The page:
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Sunday, September 19, 2021

ALS: more than ice bucket challenge

CATHY SPECK / COURTESY

ALS walk in Sacramento raises awareness about disease

When people think about amyotrophic lateral sclerosis, they might associate it with the ALS ice bucket challenge. However, drenching oneself in ice water is no comparison to the daily challenges faced by those fighting the disease. This disease affects the nerve cells in the brain, which affect everything in a person’s day-to-day life. In efforts to raise more awareness and bring in resources, the ALS Association has been organizing walks for the past 30 years. This past Saturday, Oct. 14, the ALS association in West Sacramento raised awareness and fundraised to combat ALS.  

Cathy Speck, an ALS advocate who is also battling the disease and has had loved ones affected, spoke about her journey. Speck also represented Davis with her team “The Specktaculars” on the walk.

“It was completely life-changing; what I knew about my day-to-day had totally changed,” Speck said. “For me, it’s a process […] My mantra is to ‘adapt, adapt, adapt,’ and what that means is that I can’t control what’s happening to my body physically, but I just adapt on how to do things differently every time something changes. The first thing I did was walking on my own; I used a walker, and it’s totally decorated with stuffed animals and happy noise-makers, and the reason I did that is so that people wouldn’t be nervous or afraid to talk to me. My walker is so welcoming, and it helps when people can come talk to me.”

In addition to battling ALS, Speck is also battling cancer. However, she views her diseases as an obstacle to overcome, as she strives to look on the brighter side of life.

“I choose to always find something good in whatever situation,” Speck said. “Since I can no longer work, I have time to be really introspective about what’s important to me and what I want to spend my energy on, whether it’s my physical energy, emotional or spiritual energy.”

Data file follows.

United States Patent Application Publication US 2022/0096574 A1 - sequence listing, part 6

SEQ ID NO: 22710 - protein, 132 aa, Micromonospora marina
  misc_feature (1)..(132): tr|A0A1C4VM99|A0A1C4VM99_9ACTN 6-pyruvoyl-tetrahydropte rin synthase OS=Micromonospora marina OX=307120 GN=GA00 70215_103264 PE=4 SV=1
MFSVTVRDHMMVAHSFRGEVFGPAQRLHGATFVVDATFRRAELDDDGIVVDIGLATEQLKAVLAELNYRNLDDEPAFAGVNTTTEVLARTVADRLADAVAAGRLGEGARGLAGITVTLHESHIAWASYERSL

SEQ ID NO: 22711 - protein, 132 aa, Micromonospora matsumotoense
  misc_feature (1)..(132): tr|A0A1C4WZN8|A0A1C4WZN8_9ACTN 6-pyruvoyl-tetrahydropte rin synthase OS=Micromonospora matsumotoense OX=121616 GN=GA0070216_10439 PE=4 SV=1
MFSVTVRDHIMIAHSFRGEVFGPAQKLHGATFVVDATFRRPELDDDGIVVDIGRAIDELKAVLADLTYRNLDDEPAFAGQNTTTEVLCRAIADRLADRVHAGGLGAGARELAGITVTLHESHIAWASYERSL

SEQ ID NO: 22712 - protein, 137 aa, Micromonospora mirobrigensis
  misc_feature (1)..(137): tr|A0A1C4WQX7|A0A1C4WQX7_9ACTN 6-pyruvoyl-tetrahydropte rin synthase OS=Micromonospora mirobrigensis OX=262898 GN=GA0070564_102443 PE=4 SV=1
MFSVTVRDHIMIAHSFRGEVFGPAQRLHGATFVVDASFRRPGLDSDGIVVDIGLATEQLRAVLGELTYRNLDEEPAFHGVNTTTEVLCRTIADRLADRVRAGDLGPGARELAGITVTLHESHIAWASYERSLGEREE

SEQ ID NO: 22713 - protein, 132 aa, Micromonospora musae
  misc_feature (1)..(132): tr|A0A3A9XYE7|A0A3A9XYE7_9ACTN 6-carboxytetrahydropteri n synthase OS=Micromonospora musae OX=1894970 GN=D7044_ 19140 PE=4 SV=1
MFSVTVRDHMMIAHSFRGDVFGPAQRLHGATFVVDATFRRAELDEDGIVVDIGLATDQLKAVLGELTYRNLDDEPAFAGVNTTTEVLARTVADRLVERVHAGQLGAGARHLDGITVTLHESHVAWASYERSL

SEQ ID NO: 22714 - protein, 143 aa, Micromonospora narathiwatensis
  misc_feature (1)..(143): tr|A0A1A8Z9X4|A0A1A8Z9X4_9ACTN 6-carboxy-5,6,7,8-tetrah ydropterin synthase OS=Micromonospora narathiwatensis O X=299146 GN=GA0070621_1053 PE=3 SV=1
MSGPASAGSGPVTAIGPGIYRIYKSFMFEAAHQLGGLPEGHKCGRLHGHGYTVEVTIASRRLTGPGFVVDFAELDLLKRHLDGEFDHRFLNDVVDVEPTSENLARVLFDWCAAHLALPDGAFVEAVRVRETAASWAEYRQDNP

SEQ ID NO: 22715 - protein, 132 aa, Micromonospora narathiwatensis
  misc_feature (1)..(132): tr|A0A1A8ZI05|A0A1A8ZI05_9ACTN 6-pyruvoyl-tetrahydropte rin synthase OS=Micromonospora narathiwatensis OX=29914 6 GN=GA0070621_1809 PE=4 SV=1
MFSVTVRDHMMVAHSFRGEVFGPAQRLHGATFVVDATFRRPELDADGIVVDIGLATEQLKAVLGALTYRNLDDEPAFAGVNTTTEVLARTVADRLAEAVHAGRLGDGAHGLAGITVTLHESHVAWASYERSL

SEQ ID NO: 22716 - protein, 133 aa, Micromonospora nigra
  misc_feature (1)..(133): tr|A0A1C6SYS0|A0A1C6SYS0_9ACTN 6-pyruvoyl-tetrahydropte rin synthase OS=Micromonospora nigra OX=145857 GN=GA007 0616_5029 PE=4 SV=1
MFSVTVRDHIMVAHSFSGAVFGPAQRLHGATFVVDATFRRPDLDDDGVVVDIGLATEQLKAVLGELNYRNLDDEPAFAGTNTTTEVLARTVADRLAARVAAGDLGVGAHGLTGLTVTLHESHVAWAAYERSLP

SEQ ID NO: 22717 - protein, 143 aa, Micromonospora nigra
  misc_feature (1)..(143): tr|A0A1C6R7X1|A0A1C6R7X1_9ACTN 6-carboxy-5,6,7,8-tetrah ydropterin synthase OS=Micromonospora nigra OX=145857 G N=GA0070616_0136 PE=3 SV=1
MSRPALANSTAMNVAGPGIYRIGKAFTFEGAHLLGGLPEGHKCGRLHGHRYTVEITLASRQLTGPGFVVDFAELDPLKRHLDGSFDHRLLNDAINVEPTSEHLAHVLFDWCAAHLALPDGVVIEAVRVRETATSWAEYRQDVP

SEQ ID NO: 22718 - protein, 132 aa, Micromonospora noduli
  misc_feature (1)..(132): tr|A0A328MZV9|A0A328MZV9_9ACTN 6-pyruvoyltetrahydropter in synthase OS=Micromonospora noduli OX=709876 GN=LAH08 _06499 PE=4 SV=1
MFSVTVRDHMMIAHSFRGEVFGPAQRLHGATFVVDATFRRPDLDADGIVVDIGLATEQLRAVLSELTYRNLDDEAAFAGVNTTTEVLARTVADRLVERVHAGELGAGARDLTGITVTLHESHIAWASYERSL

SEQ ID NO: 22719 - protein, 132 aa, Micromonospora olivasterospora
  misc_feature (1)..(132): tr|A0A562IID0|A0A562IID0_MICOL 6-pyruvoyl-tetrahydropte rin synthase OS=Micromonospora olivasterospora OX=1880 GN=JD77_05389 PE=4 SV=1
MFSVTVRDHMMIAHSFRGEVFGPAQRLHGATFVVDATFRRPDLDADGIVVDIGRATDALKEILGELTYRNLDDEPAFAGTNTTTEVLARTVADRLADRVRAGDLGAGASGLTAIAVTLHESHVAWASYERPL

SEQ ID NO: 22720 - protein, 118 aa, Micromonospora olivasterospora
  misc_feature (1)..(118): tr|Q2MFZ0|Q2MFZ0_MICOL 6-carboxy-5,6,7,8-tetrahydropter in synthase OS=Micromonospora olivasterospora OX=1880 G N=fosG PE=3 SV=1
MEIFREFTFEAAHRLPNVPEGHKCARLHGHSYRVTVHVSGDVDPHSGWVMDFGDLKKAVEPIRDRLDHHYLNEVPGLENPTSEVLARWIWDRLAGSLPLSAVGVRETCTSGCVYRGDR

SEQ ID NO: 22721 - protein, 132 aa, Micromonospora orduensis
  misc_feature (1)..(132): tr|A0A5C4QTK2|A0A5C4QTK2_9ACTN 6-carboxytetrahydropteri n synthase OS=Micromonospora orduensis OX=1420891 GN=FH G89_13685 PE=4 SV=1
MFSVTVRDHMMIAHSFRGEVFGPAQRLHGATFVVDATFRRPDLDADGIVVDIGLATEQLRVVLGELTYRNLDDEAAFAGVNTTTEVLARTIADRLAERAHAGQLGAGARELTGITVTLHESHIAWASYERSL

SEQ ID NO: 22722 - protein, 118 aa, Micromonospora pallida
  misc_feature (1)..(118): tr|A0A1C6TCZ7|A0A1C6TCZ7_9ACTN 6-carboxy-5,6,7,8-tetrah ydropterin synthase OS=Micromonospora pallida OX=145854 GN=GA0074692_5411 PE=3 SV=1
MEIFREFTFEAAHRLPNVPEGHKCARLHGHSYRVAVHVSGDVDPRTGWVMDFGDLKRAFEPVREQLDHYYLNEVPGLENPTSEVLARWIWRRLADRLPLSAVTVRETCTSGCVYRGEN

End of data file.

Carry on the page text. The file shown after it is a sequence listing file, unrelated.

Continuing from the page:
Even though Speck’s energy is drained by her diseases, she still tries to make the most of her time by advocating for cures, including going to the ALS walk in Sacramento.

“Awareness and fundraising is important to me so that everybody who is affected with ALS will have hope for a cure, as there is not a cure now,” Speck said. “I’m motivated for everybody since I know how much it can devastate a family.”

Speck urged others who battle ALS to find peace.

“Find peace […in] every moment, as much as you can; try to remember that everything changes and to stay open to the changes, and breathe whatever positive moment you may have,” Speck said.

Amy Sugimoto, the executive director of the ALS Association, explained how the walk started.

“When you see the patients and you know firsthand the dire needs they have, it’s very motivating as there is a lot of needs, and this is our largest fundraising we do every year,” Sugimoto said. “It’s what allows us to offer our programs and services to the ALS community; without this walk, we will not have the patient services that we do, so that’s very motivating.”

The walk has been going on for a number of years and will continue until a cure is found.

“This is a national event, so every single community that has a chapter in them will have a walk to defeat ALS, and it’s been around for about 30 years,” Sugimoto said.

After watching her friend fight the disease, Nadine El Khoury was inspired to make a documentary in order to help promote recognition of the disease.

“It started with a close friend of mine,” Khoury said. “It’s a big shift, so I decided then that I wanted to know more about the disease. Eventually, it turned into me wanting to do a documentary about it after a couple years.”

In hopes of spreading awareness, Khoury explained that ALS is a complex disease; however, it does not take a lot for people to learn the basic background and understand in order to help support the cause to find a cure.

“It was a very long process; it took seven years to do the documentary,” Khoury said. “It became a lot bigger, because I understood that it was important to include the science of the disease. I don’t have a biological background, and I realized that most people don’t, so if I can understand it then I know others can too.”

Khoury’s experience watching her friend inspired her to keep advocating for the disease as well as show others the reality of ALS through her documentary.

“It changed my life and what I knew about living,” Khoury said. “I would go home and cry thinking about how it is possible that now he is stuck in bed, and I go and think that it’s so unfair. In the end, I can do whatever I want, like I can travel, rest [or] shower while he’s stuck in bed. He can’t do anything even though he wants to so badly because he is so full of life. It’s so frustrating […] He continues to write, and he wrote three books. He’s still trying to do everything, and I’m thinking ‘Wow… It’s so inspirational.’ It changed my perspective, and you can’t not be inspired.”

 

Written by: Stella Tran — city@theaggie.org

 

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